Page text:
Barbados: Indentured Servants to African Slavery

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Sketch of a flag taken from rebels against slavery in Barbados, after the uprising known as Bussa's Rebellion (1816). The flag appears to stress the rebels' loyalty to Britain and to the Crown while conveying their earnest desire for liberty. British forces on Barbados suppressed the revolt and hundreds of the rebels were killed.

The first plantation-based society in the Caribbean, Barbados set the example for slave-based monoculture by moving from indentured servants to slave labor.

Plantation societies require a cheap labor source to be profitable. On Barbados, the sugar plantations were large, up to 200 acres, and initially labor was performed by indentured servants. As Barbados quickly became “the white graveyard”, however, African slaves were brought in to perform the grueling work on the sugar plantations.

Sugar Plantation Culture in Barbados

Both St. Kitts and Barbados saw a large influx of settlers in the mid-17th century. Before long Barbados became the largest sugar producer in the Caribbean and by the early 18th century was competition for Brazil in the world sugar market. By mimicking successful Dutch technology used in South America, Barbados was the first Caribbean island to become a plantation society and soon developed a perfect example of monoculture on the island.

Indentured Servants on Barbados Sugarcane Plantations

Initially, indentured servants worked the sugarcane plantations of Barbados. While not technically slaves, the indentured servants had very few rights during their terms of indenture. The sugar plantation owners paid their passages to Barbados and expected the servants to work off their debts within three to five years. A common practice in the 17th century, indentured servitude was viewed as a type of apprenticeship where a poor able-bodied person could work and learn under the support of a sponsor for a specified term.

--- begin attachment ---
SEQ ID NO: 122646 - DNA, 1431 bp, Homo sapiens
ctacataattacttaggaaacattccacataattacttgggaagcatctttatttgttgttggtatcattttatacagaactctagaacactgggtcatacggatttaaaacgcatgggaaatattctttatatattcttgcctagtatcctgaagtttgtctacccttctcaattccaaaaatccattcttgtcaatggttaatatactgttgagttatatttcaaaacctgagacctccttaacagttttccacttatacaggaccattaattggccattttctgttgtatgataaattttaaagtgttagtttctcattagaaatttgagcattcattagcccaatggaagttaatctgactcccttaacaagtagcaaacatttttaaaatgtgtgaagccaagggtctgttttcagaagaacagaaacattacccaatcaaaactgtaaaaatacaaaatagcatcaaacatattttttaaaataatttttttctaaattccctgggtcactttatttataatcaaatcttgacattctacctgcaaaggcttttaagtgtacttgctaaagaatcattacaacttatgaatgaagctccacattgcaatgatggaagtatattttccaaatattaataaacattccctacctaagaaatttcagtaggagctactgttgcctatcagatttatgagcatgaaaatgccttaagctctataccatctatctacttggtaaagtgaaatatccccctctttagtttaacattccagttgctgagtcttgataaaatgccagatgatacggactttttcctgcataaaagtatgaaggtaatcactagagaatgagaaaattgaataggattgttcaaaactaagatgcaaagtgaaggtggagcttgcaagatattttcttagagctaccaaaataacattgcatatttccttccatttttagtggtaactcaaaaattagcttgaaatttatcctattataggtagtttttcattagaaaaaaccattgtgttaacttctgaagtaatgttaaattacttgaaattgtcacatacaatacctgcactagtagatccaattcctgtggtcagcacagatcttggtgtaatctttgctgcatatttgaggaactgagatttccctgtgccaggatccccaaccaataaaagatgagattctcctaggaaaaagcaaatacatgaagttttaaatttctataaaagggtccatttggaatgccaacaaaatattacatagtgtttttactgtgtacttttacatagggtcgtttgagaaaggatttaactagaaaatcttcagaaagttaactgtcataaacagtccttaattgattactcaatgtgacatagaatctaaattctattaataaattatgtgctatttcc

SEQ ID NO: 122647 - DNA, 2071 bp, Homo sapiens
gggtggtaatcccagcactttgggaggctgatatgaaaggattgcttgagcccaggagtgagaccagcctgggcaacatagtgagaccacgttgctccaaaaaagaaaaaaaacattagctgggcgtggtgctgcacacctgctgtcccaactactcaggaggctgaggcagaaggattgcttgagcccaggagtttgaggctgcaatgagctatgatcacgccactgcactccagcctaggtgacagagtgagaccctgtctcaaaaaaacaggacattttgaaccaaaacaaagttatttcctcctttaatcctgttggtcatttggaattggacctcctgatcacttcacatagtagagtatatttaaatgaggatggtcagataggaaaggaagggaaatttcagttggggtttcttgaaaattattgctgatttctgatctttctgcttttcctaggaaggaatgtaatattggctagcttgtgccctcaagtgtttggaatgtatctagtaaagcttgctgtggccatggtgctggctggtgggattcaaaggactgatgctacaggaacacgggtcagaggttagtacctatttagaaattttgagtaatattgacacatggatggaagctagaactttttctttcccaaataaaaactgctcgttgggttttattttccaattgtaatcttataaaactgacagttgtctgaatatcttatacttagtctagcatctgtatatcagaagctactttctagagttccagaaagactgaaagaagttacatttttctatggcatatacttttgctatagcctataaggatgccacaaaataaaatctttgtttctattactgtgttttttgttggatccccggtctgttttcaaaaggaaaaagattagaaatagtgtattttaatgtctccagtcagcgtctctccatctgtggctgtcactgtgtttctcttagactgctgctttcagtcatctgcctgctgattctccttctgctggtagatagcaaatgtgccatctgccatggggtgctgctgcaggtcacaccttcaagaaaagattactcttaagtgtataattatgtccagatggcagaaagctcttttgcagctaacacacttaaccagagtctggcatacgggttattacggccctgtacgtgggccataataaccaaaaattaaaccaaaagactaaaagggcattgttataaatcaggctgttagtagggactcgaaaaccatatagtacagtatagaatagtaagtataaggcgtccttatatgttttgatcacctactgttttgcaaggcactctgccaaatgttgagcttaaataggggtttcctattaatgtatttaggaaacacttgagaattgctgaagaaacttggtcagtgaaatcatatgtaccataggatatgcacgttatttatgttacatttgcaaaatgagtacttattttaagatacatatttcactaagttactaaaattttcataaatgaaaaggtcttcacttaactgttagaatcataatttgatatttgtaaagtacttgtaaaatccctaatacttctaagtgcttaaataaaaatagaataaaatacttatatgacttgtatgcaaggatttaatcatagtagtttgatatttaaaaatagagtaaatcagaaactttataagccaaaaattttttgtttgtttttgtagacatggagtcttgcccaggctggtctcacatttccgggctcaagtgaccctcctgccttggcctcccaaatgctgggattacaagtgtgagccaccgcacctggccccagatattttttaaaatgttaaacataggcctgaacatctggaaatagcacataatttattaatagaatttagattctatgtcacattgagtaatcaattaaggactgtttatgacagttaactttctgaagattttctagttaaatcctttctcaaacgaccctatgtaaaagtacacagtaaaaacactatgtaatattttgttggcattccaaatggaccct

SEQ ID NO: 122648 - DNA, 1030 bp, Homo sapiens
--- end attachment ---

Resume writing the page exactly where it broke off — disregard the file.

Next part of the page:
Although harsh working conditions were expected for indentured servants, workers on the sugar plantations of Barbados found particularly brutal conditions. Working the cane plantations involved heavy physical labor and very few indentured servants chose to remain as paid laborers once their period of indenture expired. Some did not even live that long, dying before their service ended. With its harsh reputation, finding volunteers for indenture in Barbados became near impossible.

African Slaves Replace Indentured Servants

The shortage and expense of white labor in Barbados had sugar plantation owners once again following the Dutch example. Between 1643 and 1684, the black population in Barbados grew from 6000 to 46,502 while the white population decreased from 37,200 to 23,624. This demonstrates quite effectively the concentration of land ownership into fewer white hands and the growth of the African slave population to support it.

In comparison to indentured servants, slaves represented a higher initial investment for planters, but over the long-term were more than worth it. Enslaved Africans were purchased for life-long service and any children born to them also became slaves. The standard of living for slaves was expected to be less than that of indentured white servants and so slaves could be fed and clothed at less of an expense. In short, enslaved Africans could be exploited to a degree that white indentured servants could not, increasing the profits of sugarcane planters.

Although short-lived, indentured servitude in Barbados had its own unique story before the shift to slavery. Barbados, as the first plantation-based society in the Caribbean, set the example in shifting from indentured servants to slaves. This example was followed in the Lesser Antilles and throughout North America.

Sources:

  1. Elliott, J.H. Empires of the Atlantic World: Britain and Spain in America 1492-1830. New Haven, 2006.
  2. Rogozinski, Jan. A Brief History of the Caribbean: From the Arawak and Carib to the Present. New York, 1999.
  3. Watson, Dr. Karl. BBC Online: “Slavery and Economy in Barbados”.